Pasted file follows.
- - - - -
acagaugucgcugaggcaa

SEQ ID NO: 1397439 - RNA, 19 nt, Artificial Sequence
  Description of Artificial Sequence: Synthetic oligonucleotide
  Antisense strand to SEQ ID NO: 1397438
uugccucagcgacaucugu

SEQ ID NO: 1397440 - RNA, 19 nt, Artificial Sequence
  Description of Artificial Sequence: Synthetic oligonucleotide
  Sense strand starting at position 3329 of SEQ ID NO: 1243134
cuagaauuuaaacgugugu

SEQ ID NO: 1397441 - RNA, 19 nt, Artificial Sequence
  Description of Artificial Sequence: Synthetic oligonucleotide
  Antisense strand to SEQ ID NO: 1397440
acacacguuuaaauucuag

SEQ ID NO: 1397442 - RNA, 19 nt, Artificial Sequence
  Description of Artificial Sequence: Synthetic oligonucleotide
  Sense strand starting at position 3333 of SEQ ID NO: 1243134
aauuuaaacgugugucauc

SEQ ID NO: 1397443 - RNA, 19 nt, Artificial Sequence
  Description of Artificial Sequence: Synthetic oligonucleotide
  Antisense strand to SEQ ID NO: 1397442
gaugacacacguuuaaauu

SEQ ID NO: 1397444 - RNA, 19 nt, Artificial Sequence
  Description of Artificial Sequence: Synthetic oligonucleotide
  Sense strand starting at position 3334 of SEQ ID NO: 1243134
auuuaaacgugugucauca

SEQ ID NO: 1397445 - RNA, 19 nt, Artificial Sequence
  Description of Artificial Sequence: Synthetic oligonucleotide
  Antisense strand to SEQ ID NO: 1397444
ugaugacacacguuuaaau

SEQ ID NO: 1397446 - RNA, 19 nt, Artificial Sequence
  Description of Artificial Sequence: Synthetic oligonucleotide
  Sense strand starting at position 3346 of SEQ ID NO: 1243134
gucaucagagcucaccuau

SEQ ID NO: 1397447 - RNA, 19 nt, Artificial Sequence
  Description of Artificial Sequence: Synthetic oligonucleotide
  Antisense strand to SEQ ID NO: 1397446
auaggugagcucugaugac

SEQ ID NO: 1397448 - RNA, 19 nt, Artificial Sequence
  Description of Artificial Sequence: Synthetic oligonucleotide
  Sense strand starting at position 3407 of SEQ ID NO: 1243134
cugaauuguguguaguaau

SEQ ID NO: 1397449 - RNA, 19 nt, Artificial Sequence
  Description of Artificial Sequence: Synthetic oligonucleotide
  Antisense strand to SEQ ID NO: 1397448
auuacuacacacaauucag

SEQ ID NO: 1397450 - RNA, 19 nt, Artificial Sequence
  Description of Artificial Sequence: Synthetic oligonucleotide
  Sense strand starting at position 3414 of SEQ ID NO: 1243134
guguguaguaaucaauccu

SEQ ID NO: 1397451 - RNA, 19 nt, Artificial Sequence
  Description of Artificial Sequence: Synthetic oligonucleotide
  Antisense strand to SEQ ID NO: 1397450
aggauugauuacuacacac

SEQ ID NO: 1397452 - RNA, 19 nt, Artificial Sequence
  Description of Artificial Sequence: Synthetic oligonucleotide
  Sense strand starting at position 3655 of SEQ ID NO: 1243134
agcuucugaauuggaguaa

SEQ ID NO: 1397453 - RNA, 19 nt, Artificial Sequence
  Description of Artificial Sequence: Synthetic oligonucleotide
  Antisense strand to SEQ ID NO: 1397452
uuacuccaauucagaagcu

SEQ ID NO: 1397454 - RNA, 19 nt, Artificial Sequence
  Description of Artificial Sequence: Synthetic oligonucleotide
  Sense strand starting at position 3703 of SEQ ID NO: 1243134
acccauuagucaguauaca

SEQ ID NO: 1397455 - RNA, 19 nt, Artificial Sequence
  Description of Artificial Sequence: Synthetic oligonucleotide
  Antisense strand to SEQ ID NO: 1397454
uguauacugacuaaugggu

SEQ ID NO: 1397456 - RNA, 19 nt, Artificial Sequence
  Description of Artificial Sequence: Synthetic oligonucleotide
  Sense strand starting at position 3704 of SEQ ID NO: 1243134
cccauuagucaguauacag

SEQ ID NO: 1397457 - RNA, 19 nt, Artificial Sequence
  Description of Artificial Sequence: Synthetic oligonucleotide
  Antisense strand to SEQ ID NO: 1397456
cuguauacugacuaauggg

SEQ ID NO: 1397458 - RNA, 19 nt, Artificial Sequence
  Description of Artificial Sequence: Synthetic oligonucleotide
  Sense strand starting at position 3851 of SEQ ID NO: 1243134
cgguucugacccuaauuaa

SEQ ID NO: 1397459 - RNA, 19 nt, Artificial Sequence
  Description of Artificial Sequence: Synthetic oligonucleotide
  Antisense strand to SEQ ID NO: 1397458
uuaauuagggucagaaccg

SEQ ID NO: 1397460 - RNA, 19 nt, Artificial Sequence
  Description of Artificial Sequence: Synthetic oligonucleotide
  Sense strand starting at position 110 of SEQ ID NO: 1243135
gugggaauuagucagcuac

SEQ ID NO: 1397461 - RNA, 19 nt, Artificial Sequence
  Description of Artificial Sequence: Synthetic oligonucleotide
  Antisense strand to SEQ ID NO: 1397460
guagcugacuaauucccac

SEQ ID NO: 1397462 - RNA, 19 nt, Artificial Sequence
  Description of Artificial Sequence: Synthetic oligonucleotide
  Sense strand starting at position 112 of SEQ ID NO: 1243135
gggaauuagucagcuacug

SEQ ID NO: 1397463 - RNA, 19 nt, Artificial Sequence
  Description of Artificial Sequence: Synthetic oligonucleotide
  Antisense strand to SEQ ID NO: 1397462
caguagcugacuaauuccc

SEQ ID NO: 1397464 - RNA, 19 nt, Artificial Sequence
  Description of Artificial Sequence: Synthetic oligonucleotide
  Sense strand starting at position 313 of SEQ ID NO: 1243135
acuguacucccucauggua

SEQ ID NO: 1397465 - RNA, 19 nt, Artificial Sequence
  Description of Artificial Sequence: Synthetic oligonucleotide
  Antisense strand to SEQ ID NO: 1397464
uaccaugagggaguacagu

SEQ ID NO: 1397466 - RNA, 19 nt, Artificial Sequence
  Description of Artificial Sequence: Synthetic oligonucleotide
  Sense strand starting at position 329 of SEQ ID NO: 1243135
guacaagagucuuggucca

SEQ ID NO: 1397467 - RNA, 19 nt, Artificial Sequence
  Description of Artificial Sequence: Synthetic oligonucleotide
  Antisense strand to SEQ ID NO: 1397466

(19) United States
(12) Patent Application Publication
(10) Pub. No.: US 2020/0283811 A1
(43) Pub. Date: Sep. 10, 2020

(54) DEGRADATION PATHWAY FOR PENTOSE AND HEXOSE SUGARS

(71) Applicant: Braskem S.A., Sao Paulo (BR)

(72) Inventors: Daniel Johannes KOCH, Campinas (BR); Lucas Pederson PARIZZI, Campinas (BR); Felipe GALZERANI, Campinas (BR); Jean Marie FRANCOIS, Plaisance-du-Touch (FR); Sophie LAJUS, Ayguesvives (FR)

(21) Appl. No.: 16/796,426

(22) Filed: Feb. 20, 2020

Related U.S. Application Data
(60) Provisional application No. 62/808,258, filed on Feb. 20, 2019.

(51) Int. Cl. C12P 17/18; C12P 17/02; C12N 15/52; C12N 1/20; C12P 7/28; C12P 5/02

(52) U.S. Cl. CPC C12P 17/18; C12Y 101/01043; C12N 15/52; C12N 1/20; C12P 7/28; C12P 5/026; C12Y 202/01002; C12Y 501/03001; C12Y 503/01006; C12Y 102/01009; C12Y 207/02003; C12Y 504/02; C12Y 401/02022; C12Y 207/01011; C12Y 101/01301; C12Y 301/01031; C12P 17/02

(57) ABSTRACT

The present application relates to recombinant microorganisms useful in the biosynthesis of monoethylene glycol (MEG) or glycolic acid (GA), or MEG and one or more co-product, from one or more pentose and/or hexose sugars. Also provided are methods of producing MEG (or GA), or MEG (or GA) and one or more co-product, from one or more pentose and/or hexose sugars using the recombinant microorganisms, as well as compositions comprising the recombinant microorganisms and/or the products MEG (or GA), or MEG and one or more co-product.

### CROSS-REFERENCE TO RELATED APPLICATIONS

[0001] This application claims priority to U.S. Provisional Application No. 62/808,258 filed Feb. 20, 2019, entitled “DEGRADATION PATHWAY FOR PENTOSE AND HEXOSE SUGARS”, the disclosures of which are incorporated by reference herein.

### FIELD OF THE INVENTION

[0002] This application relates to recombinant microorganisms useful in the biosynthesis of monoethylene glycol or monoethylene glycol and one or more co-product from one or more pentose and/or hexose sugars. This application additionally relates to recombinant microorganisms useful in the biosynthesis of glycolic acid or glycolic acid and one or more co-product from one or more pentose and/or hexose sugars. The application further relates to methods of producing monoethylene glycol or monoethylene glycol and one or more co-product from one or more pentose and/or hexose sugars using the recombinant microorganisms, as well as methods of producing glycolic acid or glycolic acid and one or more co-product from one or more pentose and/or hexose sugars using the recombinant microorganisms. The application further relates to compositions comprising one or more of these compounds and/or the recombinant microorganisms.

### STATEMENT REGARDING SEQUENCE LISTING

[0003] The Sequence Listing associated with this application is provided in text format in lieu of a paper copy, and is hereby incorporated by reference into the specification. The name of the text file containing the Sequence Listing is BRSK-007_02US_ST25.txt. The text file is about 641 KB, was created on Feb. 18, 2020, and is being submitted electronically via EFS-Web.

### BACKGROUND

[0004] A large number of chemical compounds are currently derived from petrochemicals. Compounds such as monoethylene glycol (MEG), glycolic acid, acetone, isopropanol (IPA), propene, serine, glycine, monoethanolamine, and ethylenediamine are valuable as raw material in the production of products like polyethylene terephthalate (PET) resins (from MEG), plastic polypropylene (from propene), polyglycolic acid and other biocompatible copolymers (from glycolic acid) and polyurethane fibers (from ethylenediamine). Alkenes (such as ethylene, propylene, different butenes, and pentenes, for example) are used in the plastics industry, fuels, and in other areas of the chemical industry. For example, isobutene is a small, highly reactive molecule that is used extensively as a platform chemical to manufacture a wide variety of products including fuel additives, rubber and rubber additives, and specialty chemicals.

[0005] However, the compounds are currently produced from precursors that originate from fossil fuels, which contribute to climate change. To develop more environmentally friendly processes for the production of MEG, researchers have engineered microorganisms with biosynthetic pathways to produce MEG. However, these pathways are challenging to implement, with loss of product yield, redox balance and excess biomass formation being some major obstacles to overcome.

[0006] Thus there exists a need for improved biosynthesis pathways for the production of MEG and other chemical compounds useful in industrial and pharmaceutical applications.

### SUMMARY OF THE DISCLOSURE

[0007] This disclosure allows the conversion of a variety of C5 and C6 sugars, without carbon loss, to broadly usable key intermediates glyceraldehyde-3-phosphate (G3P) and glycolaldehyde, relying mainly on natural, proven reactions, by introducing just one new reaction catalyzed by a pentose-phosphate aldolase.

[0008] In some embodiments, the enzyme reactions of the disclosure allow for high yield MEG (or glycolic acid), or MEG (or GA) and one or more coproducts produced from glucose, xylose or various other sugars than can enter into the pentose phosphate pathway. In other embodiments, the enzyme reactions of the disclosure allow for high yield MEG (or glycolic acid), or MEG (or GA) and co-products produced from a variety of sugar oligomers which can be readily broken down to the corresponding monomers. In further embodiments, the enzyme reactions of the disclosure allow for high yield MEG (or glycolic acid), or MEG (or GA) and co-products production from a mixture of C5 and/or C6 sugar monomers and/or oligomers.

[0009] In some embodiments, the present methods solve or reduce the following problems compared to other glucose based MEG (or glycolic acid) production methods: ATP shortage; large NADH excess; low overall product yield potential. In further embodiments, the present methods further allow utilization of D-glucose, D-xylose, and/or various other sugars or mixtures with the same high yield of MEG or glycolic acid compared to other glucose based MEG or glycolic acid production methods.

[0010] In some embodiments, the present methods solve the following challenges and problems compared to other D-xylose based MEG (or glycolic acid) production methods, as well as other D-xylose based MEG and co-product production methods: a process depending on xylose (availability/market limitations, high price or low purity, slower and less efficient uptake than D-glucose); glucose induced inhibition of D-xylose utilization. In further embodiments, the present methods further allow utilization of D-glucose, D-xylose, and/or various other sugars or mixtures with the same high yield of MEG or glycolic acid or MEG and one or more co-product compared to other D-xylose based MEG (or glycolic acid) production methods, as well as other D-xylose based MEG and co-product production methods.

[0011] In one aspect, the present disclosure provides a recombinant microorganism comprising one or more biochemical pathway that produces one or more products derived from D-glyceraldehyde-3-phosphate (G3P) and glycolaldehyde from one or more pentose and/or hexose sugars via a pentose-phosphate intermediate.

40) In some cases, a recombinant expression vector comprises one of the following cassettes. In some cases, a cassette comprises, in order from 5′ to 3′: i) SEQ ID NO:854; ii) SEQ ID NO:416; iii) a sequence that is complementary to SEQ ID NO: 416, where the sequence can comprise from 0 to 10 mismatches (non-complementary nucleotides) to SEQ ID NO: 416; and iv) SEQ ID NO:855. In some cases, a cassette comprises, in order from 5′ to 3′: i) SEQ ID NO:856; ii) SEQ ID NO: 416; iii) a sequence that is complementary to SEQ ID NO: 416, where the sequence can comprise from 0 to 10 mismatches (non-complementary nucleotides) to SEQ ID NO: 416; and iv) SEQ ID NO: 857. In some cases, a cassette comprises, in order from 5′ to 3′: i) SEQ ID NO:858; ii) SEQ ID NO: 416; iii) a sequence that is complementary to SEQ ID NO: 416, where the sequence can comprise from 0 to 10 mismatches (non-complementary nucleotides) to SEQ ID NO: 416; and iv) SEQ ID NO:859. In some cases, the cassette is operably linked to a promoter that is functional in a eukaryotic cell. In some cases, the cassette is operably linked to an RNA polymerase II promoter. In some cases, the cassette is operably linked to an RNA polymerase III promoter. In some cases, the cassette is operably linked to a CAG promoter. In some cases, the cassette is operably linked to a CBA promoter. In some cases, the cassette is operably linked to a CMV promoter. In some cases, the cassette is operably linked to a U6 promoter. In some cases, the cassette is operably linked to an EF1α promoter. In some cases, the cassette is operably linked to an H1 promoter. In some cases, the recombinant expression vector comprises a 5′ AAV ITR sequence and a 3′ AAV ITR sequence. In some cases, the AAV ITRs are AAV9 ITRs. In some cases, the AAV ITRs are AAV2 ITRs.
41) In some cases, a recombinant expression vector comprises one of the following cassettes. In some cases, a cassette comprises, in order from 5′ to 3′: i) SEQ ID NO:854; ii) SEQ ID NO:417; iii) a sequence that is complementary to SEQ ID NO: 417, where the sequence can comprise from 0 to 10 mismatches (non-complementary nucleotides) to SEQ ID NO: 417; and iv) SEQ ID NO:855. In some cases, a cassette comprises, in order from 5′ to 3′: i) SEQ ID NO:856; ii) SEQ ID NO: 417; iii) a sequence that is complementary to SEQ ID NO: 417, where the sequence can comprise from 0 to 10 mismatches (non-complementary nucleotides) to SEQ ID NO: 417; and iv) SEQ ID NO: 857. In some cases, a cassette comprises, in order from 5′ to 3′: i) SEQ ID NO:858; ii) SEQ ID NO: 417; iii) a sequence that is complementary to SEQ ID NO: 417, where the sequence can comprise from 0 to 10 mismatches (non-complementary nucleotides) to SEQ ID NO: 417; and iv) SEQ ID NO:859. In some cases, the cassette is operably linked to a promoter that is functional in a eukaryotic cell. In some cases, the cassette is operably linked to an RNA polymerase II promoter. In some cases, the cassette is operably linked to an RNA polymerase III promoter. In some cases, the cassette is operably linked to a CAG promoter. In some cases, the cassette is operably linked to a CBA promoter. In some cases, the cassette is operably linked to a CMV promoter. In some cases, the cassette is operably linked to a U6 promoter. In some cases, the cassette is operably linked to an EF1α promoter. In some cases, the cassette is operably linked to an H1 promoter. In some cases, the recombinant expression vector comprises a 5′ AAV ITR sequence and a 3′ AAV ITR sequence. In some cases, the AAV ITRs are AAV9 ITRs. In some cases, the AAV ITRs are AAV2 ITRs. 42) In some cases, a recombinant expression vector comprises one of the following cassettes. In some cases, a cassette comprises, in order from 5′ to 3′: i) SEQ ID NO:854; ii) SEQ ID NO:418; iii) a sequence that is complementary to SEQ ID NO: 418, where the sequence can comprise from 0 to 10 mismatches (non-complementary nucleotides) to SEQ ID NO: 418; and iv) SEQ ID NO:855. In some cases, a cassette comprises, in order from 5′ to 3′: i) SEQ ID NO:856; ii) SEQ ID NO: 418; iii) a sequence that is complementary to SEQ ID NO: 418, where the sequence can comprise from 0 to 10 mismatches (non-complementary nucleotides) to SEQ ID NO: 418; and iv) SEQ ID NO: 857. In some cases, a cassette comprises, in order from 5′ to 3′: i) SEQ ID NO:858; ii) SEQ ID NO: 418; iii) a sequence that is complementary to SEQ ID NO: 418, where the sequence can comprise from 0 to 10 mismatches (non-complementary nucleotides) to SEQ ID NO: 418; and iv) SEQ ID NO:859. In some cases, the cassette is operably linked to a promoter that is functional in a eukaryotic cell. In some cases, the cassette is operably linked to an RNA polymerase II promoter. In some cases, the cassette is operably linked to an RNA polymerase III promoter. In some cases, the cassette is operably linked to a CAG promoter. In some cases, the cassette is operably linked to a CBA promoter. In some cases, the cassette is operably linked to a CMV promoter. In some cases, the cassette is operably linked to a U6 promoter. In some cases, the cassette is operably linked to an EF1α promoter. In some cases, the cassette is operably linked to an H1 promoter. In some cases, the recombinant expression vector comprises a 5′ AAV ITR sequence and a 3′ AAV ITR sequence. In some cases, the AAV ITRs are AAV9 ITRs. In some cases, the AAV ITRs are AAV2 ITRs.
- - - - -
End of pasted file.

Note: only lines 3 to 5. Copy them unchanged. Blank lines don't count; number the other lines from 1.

  Description of Artificial Sequence: Synthetic oligonucleotide
  Antisense strand to SEQ ID NO: 1397438
uugccucagcgacaucugu